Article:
Scissor Shock is an interesting mix. It's mainly a one-man project (Adam Cooley is the man responsible) which on the one hand sounds almost like a laptop band. The drums sound synthetic and programmed, the vocals are usually effected, and there's some digital fuckery throughout. However, the playing style is closest to loose-knit multi-member ensembles who specialize in semi-improvised chaotic rock. Think of a digital version of Fat Worm of Error, or a Caroliner from the future instead of the past. It's not quite as tightly choreographed as U.S.Maple (I think!) but each song definitely has a plan.
Scissor Shock is really prolific and this full-length release follows right behind an equally full-length release which seems like it came out less than 6 months ago. From what I gather, Scissor Shock started out doing something more like the usual kid-with-a-laptop style of grindcore/8-bit. I'm glad that the project has evolved into this more challenging and interesting style.
The arrhythmic beats are accompanied by some equally off-balance guitar manglings, trombone, miscellaneous, and some Wicked Witch of the West vocals. There are also a couple of tracks to break things up with only some acoustic guitar noodling, which actually sounds quite skilled and even pretty. These tracks are called "Ghost Fahey" and "Fahey Ghost" and while I'm not really familiar with John Fahey's music, I'm guessing these tracks are some kind of homage. (maybe also an homage to the band Ghost?) I really respect that actually. If you're going to try to play like a favorite artist, just call it like it is, don't try to pass it off as your own invention. In the same vein, this album also includes a track titled "Blood Infinitive" and yeah, there's definitely a link between this and Royal Trux's "Twin Infinitives" too. Strangely, while being far more honest about who he's stealing from, Scissor Shock has also created music that is far more unique than most other bands.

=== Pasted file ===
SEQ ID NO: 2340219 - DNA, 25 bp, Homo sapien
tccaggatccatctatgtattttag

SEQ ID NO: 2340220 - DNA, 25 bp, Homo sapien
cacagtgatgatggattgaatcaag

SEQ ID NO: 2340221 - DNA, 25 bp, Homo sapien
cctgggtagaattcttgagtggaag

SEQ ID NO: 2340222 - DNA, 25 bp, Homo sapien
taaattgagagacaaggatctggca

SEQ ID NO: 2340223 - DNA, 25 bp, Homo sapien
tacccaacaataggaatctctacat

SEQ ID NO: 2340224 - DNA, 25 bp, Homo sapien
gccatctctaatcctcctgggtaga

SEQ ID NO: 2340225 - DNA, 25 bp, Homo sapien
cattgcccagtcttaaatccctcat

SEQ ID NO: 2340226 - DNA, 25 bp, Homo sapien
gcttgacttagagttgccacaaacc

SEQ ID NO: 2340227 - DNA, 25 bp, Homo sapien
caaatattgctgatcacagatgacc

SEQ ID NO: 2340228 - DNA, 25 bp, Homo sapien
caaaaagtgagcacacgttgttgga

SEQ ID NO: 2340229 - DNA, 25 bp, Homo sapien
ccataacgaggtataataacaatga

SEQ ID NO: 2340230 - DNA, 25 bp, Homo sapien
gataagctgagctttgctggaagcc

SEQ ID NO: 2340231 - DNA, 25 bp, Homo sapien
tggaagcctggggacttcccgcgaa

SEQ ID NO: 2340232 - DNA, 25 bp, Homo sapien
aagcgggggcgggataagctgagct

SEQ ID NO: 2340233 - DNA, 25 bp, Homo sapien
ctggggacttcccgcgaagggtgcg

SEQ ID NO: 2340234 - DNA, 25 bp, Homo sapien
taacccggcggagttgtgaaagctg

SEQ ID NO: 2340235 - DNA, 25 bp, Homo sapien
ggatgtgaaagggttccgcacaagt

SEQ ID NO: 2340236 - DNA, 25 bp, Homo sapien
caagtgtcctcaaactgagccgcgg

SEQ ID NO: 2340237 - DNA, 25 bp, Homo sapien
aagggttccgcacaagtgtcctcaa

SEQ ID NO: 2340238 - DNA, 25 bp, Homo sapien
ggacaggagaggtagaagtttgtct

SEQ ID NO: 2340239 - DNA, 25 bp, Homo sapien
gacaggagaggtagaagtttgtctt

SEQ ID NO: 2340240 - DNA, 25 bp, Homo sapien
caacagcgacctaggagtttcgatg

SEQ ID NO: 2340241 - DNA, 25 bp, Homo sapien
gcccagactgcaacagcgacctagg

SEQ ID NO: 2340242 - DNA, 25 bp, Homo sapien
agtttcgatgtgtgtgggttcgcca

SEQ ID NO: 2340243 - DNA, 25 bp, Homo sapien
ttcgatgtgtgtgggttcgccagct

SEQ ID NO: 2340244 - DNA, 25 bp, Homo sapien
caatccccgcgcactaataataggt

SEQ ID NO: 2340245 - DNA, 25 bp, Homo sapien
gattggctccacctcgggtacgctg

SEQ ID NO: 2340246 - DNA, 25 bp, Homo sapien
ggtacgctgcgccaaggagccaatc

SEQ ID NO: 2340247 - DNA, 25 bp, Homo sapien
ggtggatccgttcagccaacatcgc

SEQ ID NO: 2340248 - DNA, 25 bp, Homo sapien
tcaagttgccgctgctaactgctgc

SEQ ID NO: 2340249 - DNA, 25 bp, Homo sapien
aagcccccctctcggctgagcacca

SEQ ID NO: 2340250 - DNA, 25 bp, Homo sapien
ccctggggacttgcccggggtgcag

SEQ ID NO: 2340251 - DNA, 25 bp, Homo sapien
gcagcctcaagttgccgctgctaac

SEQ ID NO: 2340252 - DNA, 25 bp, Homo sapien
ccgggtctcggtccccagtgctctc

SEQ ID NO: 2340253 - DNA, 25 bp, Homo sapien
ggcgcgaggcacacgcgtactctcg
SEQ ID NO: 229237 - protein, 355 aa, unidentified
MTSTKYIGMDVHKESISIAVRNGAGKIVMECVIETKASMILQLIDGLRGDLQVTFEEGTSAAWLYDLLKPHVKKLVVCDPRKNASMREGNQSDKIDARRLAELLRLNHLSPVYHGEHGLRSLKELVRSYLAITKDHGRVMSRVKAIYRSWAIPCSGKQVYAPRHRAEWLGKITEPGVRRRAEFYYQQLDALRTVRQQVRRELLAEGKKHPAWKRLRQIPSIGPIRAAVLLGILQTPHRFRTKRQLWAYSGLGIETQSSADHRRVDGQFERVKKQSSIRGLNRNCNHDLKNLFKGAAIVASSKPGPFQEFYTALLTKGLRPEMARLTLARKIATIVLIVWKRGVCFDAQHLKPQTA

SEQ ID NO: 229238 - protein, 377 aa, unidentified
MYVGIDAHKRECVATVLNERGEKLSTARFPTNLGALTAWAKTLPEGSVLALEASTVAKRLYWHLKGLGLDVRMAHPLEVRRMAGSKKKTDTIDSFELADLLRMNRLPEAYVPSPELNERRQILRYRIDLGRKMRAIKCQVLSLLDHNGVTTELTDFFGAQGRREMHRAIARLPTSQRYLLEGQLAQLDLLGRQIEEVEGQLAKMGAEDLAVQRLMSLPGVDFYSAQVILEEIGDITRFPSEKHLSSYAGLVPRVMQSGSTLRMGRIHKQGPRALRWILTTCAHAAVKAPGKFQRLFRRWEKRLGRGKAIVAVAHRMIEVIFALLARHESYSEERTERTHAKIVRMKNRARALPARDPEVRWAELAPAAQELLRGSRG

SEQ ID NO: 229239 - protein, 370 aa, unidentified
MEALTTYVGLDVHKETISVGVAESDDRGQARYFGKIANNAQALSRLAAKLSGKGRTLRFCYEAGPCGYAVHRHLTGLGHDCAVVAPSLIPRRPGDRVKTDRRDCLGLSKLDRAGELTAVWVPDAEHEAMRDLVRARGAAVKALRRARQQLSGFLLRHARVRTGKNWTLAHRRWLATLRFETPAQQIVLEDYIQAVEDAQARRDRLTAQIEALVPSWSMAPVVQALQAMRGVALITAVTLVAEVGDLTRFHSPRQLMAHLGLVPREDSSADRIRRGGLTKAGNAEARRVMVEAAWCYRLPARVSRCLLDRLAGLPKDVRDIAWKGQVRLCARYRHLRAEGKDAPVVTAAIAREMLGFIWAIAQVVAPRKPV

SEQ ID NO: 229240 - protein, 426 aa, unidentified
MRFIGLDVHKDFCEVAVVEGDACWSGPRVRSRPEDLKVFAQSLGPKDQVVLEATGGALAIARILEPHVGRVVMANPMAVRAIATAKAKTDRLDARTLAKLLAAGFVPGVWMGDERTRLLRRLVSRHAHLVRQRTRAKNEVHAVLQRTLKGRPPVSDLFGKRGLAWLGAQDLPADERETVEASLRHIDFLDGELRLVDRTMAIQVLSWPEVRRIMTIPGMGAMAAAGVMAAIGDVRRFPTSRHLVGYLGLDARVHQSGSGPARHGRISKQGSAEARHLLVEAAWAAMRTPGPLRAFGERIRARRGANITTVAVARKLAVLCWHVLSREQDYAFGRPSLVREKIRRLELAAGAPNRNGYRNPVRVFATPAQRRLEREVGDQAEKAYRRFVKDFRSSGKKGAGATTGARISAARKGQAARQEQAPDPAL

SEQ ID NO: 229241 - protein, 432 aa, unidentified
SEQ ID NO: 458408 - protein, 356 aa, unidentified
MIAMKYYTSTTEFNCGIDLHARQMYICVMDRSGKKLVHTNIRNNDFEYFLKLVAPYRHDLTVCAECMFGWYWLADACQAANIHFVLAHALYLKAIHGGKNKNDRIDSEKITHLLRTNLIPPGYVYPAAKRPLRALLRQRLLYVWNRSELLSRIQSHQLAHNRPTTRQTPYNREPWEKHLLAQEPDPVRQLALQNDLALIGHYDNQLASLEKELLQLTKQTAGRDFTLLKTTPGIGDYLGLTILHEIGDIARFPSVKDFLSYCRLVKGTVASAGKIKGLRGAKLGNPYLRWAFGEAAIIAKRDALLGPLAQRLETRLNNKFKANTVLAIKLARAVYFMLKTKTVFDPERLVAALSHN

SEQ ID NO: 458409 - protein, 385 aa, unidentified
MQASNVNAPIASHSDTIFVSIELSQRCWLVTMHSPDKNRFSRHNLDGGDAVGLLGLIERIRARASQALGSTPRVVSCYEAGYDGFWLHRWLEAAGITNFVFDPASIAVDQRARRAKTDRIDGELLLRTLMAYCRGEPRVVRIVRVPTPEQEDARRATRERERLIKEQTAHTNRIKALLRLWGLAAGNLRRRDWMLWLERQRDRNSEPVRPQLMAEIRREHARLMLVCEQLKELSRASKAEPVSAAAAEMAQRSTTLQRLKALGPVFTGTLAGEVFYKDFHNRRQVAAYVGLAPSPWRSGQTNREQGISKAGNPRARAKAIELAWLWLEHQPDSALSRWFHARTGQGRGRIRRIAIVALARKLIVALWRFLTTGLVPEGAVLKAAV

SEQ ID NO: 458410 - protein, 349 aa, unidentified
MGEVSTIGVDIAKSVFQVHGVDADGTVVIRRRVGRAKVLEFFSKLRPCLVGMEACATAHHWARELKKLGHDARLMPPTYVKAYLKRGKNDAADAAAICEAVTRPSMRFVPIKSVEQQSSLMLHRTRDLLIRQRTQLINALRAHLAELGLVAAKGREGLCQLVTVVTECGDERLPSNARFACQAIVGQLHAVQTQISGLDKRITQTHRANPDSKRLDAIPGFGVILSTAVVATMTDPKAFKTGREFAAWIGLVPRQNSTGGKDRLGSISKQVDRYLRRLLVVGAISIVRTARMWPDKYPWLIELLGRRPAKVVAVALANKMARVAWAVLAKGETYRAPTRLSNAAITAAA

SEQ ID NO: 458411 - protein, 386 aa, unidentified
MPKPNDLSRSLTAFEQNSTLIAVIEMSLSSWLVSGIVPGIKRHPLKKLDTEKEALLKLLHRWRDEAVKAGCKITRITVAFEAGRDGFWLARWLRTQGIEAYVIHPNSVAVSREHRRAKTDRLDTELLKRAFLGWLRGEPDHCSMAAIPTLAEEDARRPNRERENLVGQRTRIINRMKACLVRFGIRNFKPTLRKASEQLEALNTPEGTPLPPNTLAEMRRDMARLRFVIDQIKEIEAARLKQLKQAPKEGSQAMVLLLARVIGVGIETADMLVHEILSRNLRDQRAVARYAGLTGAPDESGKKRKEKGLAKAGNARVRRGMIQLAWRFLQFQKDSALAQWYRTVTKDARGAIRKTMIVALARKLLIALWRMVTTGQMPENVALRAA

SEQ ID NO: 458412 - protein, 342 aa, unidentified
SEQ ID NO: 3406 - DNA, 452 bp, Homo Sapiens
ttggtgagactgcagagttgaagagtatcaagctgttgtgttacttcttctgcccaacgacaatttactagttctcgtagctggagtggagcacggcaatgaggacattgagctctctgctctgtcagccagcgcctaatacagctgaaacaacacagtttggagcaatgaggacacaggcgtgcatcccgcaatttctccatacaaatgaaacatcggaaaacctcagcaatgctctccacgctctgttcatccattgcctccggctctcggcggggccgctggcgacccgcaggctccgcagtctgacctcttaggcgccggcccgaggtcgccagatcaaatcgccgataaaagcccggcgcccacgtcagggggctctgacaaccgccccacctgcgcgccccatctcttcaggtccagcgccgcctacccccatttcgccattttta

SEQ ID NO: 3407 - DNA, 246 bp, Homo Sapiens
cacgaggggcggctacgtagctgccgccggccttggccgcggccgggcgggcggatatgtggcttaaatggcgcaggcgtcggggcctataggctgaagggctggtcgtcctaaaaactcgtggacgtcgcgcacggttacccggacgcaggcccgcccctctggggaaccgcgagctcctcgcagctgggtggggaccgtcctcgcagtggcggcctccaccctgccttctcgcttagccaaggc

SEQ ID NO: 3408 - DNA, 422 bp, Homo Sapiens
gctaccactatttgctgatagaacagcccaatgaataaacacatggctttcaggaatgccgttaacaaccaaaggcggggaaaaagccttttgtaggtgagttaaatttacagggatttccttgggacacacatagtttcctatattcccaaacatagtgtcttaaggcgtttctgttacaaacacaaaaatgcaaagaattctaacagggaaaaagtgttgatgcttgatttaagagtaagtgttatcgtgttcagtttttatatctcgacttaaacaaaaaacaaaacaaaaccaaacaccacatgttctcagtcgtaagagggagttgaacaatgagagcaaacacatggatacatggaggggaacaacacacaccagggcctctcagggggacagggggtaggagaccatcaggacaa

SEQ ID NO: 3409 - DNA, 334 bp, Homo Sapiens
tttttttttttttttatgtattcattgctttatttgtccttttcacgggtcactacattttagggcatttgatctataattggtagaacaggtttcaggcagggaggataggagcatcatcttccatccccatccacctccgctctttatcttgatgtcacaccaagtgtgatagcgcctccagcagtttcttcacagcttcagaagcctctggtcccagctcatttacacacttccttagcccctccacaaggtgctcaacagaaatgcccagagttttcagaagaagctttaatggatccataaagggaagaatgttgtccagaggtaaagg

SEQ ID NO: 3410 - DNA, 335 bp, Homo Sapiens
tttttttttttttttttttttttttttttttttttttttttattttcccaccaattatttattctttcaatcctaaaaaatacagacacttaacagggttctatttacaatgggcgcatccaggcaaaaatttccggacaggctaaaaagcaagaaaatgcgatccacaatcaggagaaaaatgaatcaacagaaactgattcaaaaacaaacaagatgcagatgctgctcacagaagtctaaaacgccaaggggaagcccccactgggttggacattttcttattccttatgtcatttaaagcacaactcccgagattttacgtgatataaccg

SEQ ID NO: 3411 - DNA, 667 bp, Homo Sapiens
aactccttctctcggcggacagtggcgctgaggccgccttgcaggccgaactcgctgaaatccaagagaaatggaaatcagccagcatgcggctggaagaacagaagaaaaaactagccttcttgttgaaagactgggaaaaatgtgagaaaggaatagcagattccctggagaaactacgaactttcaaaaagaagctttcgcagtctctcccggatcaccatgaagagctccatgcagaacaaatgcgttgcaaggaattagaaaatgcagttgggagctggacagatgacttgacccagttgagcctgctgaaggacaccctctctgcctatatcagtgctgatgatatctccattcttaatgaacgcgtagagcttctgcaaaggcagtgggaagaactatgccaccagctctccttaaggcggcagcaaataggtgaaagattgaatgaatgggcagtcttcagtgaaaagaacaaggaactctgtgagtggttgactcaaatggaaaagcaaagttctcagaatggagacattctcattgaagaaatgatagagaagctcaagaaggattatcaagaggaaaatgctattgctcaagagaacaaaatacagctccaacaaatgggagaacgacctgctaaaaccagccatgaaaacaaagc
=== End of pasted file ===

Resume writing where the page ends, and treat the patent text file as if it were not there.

P.S. Adam is also very generous about giving his music away online. Poke around a little bit and you can find plenty of Scissor Shock for free download, but you'll want to buy an album too!
"Synonym for the Word Decay" is to be released September 26th on Laser Seizure Records.
Monday, August 25, 2008
Friday, August 22, 2008
You couldn’t be blamed for expecting Hagony to be a rather goofy and lo-fi affair. This is a project featuring Emil Hagstrom of Cock ESP and Jason Wade of the notorious Minneapolis band Faggot. When I first saw this project appear on MySpace, I think they claimed to exclusively play amplified empty beer cans, a statement which seemed perfectly believable. This CDR comes in an economical plastic sleeve with paper insert and no attempt has been made to cover the standard branding on the disk itself. Then there’s the cover art. You can see it here. It’s not terribly offensive, but it’s not safe for work. Emil’s face and those of some political figures are pasted onto a group photo of… nudists? The back cover has Wade’s face inserted into a newspaper article about a man who ate his underwear in an attempt to beat a breathalyzer test.
Okay, I think I’ve painted a picture for you. You would now probably be just as surprised as I was to find that this album is actually carefully crafted, detailed, and intricately-layered noise. Seriously. This is every bit as good and worthy of repeat listens as any noise record pressed onto 180 gram vinyl this year.
The first track is mostly varying layered tones, somewhere halfway between drones and piercing feedback. The way the tones almost harmonize here and there creates an unsettling mood, a tension builder that leads into the second track, which explodes in a dense squall of noise. Things proceed from there with these two properties, harsh/dense and subtle/ominous, more carefully intertwined. No recognizable instruments or sound sources emerge, although I’m pretty sure those are some kind of horror movie screams submerged in the mix. And then best of all, it ends too soon! This is definitely an album and not one of those 3-minute Cock ESP releases, but it doesn’t overstay its welcome.
I am 100% behind artists who do not take themselves too seriously. Sometimes however, such artists’ work deserves to be taken seriously itself, and this is a fine example. Now, someone repress this thing in a deluxe vinyl format already.